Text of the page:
Religion and Spirituality


Generally, religion is a social-cultural system of beliefs, morals, and behaviors. Religions provide spirituality, meaning, and a sense of purpose. Religions can be found throughout the world.

Religions can be based on doctrine, texts, and rituals. Some religions are based on the lives and teachings of historical figures. Details about these figures are transmitted through the oral tradition and written scriptures.

Traditional religious beliefs can be exclusive and give people a rigid view of their world. The beliefs can justify exclusion of others who are deemed unworthy of God’s favor. Moreover, concepts of divine retribution and eternal punishment can create a mental environment of worry.

Traditional religions are also community-based. Religions have centuries-old histories. They were the foundation of society before colonization. They provide a basis for action and give people certainty in uncertain times.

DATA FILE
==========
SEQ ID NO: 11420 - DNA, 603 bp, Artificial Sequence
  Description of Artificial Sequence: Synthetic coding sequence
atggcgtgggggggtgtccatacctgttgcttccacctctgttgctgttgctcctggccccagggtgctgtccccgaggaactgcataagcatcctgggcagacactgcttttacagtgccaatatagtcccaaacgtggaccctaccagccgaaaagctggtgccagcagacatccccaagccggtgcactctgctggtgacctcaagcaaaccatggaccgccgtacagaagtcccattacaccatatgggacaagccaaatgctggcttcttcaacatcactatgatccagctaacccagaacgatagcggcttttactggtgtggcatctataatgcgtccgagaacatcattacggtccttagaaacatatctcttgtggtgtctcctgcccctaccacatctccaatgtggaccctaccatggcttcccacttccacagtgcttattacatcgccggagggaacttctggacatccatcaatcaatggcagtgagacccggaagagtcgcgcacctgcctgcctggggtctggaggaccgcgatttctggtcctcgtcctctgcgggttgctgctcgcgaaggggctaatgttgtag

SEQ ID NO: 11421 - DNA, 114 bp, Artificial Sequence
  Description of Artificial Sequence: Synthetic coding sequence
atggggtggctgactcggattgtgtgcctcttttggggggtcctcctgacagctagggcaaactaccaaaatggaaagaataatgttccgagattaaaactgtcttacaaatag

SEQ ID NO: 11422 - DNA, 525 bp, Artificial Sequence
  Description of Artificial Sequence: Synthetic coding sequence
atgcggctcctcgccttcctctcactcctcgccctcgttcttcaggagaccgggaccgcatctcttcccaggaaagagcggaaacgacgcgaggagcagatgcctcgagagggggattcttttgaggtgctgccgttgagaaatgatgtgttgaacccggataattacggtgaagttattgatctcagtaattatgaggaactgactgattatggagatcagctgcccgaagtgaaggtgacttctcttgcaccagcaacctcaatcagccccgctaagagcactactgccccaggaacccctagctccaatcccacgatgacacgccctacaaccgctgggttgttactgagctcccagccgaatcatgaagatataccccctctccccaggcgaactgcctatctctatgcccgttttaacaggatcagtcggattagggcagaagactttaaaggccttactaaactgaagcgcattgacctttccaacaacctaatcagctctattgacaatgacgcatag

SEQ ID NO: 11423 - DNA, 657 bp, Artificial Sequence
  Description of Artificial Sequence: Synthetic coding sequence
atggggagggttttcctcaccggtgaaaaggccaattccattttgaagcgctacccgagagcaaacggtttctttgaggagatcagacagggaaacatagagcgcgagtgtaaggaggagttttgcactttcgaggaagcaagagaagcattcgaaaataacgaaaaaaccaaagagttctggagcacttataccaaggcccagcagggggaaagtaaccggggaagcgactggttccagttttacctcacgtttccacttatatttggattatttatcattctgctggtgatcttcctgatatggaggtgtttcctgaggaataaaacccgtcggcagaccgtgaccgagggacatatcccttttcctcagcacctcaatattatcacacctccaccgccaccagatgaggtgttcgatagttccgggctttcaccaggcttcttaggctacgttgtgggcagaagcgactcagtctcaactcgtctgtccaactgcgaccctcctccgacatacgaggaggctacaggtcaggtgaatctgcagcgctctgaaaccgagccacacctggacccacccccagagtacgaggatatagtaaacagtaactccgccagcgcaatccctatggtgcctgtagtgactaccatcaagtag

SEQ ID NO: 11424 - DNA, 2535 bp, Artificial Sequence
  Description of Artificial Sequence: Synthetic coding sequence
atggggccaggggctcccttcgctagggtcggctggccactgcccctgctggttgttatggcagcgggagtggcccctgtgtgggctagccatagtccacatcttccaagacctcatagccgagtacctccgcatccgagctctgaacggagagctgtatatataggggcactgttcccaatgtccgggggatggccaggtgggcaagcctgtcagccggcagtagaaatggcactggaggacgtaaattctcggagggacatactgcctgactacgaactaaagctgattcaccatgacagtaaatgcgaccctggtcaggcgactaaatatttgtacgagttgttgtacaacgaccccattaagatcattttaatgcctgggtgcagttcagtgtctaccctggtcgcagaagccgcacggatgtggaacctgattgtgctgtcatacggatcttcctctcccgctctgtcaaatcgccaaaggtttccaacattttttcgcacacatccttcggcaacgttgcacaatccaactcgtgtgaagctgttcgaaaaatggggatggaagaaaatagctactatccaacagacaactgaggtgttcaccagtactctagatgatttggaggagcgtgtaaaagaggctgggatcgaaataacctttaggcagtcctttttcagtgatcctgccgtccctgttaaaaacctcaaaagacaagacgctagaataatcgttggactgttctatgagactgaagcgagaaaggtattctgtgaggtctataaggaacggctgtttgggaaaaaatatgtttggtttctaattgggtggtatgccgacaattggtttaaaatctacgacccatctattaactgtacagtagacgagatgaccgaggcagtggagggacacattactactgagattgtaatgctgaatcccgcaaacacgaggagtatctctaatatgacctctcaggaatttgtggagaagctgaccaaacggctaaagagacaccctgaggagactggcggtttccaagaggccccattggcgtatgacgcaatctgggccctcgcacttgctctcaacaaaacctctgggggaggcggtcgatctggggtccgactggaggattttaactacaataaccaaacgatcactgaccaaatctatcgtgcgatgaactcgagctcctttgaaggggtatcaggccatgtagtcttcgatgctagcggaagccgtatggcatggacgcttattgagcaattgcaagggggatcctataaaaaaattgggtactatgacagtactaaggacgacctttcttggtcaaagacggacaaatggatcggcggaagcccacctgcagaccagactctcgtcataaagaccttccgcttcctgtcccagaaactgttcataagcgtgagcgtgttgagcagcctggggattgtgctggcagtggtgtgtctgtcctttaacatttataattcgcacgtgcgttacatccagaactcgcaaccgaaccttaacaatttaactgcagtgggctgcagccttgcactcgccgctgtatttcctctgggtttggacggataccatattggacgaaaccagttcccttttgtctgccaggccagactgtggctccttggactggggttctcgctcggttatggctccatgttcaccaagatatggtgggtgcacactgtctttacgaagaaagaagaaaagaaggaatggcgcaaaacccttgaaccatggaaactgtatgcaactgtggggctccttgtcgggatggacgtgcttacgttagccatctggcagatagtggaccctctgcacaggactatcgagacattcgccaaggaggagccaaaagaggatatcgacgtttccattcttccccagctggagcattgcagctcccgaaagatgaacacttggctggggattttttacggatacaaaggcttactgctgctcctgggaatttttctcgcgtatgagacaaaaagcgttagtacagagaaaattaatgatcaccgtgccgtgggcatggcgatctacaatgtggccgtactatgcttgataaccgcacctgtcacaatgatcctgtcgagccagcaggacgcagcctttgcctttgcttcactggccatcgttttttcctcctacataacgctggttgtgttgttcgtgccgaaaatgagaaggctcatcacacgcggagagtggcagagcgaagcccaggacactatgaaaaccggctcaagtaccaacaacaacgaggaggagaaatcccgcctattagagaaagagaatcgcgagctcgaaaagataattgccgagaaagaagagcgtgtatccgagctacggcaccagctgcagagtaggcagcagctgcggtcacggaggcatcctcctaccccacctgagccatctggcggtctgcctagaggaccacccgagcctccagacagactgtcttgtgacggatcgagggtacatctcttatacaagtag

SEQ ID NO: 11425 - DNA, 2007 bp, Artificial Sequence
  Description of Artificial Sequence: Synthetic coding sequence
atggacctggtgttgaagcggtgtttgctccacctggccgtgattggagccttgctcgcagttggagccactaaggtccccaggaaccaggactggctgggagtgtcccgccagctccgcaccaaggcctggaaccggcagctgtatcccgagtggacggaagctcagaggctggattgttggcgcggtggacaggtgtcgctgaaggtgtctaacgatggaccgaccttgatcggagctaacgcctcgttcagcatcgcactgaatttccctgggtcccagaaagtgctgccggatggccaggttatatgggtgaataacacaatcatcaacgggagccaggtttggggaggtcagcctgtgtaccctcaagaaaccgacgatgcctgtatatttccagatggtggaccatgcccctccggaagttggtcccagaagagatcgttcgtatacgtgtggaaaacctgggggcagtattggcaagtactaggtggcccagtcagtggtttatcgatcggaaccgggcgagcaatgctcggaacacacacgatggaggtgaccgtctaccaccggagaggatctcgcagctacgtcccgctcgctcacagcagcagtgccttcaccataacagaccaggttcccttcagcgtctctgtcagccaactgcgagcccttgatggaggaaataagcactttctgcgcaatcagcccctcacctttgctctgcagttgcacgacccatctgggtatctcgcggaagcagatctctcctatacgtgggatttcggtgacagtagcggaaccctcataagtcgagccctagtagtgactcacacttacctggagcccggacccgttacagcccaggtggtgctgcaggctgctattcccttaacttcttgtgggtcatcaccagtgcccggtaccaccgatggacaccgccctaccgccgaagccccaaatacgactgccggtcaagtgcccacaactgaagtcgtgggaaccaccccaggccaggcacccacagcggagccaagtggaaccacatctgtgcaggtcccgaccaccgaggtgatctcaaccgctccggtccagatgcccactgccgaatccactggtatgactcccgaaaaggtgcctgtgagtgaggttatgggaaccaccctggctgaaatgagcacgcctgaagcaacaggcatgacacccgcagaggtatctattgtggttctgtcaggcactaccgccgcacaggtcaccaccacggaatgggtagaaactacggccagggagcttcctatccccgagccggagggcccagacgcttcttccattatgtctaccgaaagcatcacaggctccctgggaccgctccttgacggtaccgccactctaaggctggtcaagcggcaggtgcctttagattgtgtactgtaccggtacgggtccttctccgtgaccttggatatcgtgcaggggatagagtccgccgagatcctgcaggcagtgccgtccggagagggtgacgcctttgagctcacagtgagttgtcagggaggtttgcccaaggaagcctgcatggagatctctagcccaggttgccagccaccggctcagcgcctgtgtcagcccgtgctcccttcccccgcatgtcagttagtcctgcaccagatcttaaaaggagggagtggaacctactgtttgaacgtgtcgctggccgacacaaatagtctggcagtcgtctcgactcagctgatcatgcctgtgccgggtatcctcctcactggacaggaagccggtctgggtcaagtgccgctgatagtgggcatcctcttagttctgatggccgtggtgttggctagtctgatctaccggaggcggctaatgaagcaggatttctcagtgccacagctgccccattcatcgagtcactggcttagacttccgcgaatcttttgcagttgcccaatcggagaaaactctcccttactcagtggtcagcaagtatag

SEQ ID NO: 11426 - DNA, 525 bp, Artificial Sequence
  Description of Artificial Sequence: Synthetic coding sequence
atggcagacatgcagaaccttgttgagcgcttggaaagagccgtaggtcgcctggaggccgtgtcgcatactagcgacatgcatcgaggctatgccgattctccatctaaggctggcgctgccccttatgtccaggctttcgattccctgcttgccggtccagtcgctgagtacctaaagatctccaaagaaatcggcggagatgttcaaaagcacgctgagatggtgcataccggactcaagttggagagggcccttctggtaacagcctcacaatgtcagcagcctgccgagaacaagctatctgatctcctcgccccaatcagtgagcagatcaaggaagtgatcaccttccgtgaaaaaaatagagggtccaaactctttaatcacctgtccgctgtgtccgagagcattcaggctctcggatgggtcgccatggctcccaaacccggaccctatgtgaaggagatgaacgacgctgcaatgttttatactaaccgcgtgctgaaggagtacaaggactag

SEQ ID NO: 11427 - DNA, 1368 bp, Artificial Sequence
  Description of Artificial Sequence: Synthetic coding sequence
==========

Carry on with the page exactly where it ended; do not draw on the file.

Traditional religions also provide social support and help individuals overcome social challenges. The best of humanity can be organized through a religion. It can also provide a clear moral code.

A religious community’s ability to provide social support, meaning, and purpose is dependent on the way religious beliefs are explained and practiced. Culture can also influence the way spirituality is expressed. For example, individualistic cultures weaken the core social function of religion.

People who have an intrinsic religious orientation have less physiological reactivity toward stress. Individuals who have an extrinsic religious orientation use religion for external ends. They may use religion to overcome illness or to provide social support.

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